| FOR IMMEDIATE RELEASE|
WEDNESDAY, FEBRUARY 21, 2001
TDD: (202) 514-1888
WASHINGTON, D.C. - The Department of Justice today advised the Federal Communications Commission (FCC) that it continues to have concerns about the pending application of Verizon, formerly known as Bell Atlantic, to provide long distance services in Massachusetts. The Department said that Verizon had not yet shown that it was providing nondiscriminatory access to digital subscriber lines (DSL) to firms offering DSL service in Massachusetts in competition with Verizon. DSL lines are used for high speed internet access.
The Department provided its competitive analysis today in an evaluation of Verizon's application under Section 271 of the Telecommunications Act for authorization to provide long distance services in Massachusetts.
"Ensuring that competitors have nondiscriminatory access to DSL lines is important to the development of competition in broadband services," said John M. Nannes, Acting Assistant Attorney General in charge of the Department's Antitrust Division, "but the Department has been unable to find that Verizon has clearly demonstrated that it has provided such access to its competitors."
The Department said that, while Verizon had not yet shown clearly that it was providing nondiscriminatory access to DSL lines, Verizon's application was stronger in some respects than its prior application for Massachusetts, which was filed and withdrawn last year.
Verizon first sought permission to provide long distance services in Massachusetts in September 2000. In its evaluation of that application, the Justice Department said that Verizon had not yet shown that it was providing nondiscriminatory access to DSL lines. On December 18, 2000, Verizon withdrew that application. On January 16, 2001, Verizon filed the current application, in which it provided some additional evidence on its provision of DSL lines.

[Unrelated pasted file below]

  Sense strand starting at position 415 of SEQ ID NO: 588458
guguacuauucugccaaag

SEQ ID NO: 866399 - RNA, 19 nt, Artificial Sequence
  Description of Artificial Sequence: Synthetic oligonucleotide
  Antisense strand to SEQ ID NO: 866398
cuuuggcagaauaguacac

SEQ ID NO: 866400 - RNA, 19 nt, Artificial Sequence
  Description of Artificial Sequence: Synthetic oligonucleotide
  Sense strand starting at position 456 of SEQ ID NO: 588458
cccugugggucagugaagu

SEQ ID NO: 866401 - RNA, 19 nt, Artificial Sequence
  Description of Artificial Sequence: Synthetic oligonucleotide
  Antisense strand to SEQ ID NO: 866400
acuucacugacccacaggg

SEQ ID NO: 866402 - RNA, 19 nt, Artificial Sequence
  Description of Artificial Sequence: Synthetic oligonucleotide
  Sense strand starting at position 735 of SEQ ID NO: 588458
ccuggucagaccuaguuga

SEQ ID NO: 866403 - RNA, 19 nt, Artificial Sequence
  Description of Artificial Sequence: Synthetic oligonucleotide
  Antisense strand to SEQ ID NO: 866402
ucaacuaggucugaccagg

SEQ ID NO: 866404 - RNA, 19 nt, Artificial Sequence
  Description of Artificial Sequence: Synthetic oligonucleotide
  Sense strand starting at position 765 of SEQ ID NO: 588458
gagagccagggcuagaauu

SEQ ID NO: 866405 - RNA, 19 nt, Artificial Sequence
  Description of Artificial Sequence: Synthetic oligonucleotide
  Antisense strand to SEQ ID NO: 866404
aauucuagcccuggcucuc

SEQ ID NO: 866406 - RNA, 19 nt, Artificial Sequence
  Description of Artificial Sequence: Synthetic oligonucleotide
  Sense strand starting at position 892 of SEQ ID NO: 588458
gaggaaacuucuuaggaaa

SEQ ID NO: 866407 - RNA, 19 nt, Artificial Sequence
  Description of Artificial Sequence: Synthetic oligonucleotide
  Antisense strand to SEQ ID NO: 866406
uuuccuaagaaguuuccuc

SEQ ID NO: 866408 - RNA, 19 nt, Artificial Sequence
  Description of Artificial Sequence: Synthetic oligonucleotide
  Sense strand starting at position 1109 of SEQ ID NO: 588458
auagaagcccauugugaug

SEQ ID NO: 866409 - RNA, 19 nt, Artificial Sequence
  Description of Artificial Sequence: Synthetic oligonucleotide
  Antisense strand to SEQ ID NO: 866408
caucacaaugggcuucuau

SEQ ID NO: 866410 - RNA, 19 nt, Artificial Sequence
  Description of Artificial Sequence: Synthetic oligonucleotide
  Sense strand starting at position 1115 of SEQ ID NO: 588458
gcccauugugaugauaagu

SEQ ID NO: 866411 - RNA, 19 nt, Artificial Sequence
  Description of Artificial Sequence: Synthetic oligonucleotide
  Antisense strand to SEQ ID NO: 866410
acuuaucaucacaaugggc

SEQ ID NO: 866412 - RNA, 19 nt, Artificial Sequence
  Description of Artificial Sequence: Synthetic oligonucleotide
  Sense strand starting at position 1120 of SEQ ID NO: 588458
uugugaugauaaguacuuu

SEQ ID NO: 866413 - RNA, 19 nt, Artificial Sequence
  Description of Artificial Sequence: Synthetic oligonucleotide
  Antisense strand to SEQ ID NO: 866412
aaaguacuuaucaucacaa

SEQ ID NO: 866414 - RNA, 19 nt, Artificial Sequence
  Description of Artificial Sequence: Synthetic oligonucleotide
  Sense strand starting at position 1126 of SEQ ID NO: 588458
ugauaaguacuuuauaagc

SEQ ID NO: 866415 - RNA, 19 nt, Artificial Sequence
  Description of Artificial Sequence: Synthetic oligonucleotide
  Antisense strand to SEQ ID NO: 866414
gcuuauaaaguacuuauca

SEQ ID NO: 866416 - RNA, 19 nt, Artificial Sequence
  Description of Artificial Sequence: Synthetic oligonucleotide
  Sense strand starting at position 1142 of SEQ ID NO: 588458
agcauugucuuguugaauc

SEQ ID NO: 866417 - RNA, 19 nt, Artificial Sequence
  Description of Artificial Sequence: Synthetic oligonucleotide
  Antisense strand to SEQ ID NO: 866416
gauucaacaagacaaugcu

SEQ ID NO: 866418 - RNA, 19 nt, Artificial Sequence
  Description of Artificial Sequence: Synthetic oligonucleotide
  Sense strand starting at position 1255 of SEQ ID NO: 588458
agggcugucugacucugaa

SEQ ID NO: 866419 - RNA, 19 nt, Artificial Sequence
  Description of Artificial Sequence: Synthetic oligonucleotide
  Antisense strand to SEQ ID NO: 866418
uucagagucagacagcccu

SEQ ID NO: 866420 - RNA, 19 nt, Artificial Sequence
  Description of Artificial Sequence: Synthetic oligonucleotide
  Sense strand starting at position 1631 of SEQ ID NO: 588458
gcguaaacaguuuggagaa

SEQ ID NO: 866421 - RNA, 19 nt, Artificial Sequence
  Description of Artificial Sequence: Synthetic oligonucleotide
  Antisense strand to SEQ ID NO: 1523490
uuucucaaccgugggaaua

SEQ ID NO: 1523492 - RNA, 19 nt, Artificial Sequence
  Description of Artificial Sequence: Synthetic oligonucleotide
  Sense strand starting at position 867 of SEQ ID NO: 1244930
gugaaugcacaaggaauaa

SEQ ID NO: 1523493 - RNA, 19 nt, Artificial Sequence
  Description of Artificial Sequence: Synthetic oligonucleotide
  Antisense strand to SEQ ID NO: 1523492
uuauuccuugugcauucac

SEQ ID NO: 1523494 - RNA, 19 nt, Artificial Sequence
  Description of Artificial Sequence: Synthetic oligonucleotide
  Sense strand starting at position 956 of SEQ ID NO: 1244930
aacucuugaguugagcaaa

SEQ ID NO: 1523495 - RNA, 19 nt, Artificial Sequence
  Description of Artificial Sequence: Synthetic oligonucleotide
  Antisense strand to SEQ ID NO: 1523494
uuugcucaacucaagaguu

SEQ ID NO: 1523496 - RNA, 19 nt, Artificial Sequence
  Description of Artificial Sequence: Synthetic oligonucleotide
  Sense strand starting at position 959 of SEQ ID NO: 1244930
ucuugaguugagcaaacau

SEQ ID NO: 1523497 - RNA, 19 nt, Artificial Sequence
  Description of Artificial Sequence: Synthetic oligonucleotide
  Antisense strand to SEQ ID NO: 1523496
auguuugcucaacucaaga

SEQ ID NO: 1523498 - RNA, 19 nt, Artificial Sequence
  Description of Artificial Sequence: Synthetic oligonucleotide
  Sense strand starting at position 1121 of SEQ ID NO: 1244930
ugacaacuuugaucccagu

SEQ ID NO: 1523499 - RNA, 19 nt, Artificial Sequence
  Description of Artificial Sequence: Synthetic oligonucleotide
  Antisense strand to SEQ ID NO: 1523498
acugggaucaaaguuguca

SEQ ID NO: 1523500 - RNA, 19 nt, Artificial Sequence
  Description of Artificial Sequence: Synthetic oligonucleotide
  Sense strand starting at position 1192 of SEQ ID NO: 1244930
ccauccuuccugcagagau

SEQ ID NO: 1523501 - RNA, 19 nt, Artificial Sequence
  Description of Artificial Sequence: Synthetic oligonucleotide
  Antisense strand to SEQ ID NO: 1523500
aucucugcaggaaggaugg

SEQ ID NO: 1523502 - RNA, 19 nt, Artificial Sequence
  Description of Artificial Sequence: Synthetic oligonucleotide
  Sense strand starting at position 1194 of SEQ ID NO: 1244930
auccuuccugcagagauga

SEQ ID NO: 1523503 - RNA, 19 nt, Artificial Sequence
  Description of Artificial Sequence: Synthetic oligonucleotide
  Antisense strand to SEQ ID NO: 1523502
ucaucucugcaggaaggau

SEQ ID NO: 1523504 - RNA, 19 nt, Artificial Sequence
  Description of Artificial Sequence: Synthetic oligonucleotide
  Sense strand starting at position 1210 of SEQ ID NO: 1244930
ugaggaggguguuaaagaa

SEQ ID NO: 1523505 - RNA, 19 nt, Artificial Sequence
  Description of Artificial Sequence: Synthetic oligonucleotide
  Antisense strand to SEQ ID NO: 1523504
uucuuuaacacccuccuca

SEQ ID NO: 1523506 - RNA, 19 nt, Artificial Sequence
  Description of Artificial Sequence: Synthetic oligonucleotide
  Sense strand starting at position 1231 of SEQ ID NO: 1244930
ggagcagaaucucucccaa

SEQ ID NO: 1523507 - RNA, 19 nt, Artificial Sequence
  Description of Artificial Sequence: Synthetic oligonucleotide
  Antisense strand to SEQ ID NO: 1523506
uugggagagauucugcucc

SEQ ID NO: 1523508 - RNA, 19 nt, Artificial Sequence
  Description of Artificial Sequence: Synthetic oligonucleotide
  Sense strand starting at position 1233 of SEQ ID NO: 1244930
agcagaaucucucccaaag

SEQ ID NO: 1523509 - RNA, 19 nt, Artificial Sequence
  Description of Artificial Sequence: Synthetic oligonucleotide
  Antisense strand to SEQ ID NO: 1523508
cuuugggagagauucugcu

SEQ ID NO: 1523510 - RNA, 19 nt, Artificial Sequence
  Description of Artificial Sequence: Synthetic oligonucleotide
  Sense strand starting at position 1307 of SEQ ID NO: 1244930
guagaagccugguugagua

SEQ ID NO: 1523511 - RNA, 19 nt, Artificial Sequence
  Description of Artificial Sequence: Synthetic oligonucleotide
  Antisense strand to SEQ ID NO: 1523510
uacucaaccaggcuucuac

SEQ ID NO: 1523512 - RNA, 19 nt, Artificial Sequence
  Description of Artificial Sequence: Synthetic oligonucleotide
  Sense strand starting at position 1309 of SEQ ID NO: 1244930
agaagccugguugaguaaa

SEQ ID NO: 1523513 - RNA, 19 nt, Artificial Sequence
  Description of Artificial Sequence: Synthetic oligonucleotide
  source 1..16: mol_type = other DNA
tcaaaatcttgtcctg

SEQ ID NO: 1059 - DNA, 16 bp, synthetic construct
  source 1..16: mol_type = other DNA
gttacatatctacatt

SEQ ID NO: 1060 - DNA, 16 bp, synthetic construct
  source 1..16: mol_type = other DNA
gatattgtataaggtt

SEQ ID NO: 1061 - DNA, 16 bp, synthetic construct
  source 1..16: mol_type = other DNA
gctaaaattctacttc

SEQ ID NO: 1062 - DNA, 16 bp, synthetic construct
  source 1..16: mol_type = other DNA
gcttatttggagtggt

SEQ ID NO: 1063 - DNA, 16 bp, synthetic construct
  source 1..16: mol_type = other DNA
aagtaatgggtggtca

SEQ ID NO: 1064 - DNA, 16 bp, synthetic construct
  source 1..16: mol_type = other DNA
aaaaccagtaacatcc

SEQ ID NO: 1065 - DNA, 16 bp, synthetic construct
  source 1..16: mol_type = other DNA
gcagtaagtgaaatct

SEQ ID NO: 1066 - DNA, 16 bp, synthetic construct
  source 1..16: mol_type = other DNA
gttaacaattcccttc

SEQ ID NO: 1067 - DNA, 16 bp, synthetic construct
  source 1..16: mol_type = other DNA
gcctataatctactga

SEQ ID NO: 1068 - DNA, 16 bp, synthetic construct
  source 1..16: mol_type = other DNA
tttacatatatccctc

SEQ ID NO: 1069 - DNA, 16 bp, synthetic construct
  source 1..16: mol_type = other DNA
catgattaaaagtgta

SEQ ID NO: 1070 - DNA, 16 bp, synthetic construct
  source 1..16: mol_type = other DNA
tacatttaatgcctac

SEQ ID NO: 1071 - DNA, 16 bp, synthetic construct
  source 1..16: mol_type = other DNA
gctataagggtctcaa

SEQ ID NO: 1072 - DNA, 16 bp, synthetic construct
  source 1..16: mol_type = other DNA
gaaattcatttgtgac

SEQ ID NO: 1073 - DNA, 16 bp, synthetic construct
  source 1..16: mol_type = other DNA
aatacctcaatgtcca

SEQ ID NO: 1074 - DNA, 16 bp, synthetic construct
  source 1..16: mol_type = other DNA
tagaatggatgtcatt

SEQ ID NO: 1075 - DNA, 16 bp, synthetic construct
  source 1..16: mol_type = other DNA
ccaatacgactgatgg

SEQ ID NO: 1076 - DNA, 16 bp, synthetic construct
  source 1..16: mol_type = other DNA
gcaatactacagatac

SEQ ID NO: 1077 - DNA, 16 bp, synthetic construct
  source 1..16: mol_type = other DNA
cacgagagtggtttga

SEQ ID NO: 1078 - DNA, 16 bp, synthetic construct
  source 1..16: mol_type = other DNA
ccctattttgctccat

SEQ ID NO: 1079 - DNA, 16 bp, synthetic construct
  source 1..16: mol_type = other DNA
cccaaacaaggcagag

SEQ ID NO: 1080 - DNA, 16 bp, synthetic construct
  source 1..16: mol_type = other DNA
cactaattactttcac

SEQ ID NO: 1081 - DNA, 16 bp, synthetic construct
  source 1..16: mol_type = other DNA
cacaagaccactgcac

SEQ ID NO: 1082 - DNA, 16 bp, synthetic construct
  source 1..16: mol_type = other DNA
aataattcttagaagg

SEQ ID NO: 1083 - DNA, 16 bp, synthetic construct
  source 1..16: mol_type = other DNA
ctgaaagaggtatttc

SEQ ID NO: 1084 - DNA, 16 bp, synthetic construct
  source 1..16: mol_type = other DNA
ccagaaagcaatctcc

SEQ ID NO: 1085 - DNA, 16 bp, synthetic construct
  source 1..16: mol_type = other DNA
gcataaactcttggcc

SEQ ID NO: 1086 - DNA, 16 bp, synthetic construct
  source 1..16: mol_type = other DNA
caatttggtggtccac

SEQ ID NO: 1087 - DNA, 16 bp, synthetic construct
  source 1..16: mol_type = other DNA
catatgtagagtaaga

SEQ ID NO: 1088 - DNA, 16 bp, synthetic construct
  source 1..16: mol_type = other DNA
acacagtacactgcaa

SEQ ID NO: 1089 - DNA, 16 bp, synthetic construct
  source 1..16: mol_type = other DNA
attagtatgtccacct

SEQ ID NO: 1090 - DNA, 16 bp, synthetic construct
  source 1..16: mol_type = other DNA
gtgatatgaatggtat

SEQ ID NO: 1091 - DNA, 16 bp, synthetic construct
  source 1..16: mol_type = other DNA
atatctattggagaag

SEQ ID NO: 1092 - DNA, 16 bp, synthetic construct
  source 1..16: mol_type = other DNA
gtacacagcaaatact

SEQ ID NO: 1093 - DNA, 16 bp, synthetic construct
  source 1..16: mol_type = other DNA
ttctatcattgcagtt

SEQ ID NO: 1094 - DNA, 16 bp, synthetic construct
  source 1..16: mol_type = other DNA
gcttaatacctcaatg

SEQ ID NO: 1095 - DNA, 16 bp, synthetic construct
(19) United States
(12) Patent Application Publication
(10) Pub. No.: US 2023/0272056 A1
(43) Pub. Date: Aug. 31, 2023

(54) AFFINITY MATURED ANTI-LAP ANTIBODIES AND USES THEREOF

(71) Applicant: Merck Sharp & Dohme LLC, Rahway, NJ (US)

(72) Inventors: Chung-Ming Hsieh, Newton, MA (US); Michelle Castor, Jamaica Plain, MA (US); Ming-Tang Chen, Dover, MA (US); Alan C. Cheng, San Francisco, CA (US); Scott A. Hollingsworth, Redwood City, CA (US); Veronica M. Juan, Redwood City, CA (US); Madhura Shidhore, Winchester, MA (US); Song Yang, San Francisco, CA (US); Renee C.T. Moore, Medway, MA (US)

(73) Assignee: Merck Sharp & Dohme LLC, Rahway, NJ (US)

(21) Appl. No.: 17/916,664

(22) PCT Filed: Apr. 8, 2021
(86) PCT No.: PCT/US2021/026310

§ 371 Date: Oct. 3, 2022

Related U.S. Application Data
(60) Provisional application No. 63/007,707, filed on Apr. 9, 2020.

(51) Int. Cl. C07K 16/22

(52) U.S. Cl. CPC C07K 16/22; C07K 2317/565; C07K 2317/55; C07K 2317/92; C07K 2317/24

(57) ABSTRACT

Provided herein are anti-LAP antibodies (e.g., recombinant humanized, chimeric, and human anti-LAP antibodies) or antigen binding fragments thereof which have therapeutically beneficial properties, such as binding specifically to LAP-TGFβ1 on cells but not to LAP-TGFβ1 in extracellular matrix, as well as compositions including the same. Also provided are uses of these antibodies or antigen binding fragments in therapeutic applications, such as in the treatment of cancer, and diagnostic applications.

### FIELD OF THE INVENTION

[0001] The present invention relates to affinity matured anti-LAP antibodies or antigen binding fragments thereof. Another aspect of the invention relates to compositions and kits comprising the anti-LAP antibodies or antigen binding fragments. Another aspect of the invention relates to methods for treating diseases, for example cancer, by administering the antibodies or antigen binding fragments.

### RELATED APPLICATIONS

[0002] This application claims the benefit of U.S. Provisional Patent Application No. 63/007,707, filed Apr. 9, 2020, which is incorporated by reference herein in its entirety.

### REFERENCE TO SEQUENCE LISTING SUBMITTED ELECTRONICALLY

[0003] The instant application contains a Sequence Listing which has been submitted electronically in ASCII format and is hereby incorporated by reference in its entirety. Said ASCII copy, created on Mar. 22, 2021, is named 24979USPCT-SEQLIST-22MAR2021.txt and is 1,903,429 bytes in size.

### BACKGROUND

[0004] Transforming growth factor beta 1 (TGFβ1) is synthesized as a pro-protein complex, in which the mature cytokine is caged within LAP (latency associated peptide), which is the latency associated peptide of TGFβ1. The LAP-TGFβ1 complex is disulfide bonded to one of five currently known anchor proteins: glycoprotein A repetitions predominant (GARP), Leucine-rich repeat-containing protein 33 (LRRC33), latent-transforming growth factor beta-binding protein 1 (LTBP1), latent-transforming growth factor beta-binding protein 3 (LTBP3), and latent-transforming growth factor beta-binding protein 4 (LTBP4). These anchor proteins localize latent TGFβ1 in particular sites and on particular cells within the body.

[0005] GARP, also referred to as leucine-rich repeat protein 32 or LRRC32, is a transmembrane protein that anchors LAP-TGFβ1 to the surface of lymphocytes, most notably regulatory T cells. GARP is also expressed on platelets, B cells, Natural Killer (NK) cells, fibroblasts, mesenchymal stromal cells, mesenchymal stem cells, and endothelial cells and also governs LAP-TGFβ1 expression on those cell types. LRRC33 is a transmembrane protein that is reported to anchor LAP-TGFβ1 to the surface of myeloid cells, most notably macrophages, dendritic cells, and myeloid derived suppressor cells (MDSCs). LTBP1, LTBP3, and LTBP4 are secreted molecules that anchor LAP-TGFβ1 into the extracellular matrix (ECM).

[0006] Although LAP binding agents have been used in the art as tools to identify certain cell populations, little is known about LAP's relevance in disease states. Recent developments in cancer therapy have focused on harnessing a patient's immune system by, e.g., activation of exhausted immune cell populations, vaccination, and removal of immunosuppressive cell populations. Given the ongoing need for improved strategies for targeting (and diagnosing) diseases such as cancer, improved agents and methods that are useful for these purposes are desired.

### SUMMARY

The Department's evaluation noted that there were unresolved factual disputes about the validity of the new evidence submitted by Verizon, and the evidence still indicated that the access provided by Verizon to its competitors was worse in various respects than that provided by Verizon for its own retail operations.
Since the break-up of the integrated Bell system as part of the AT&T divestiture, the independent Bell Operating Companies, or BOCs, have been barred from providing long distance services in their respective regions, first as part of the divestiture decree, and now under the terms of the Telecommunications Act of 1996. Under Section 271 of the Act, a BOC, such as Verizon, may not provide in-region long distance services until it demonstrates to the FCC that it has met a variety of legal requirements designed to open the local telephone markets in a particular state to competition.
In considering whether to approve a BOC's application for long distance authority in a particular state, the FCC must consult with the Department of Justice and give "substantial weight" to its assessment of competitive conditions in a market and whether the BOC should be allowed to provide in-region long distance service.
Verizon filed its application with the FCC on January 16, 2001. Under the terms of the Act, the FCC must approve or deny the application within 90 days.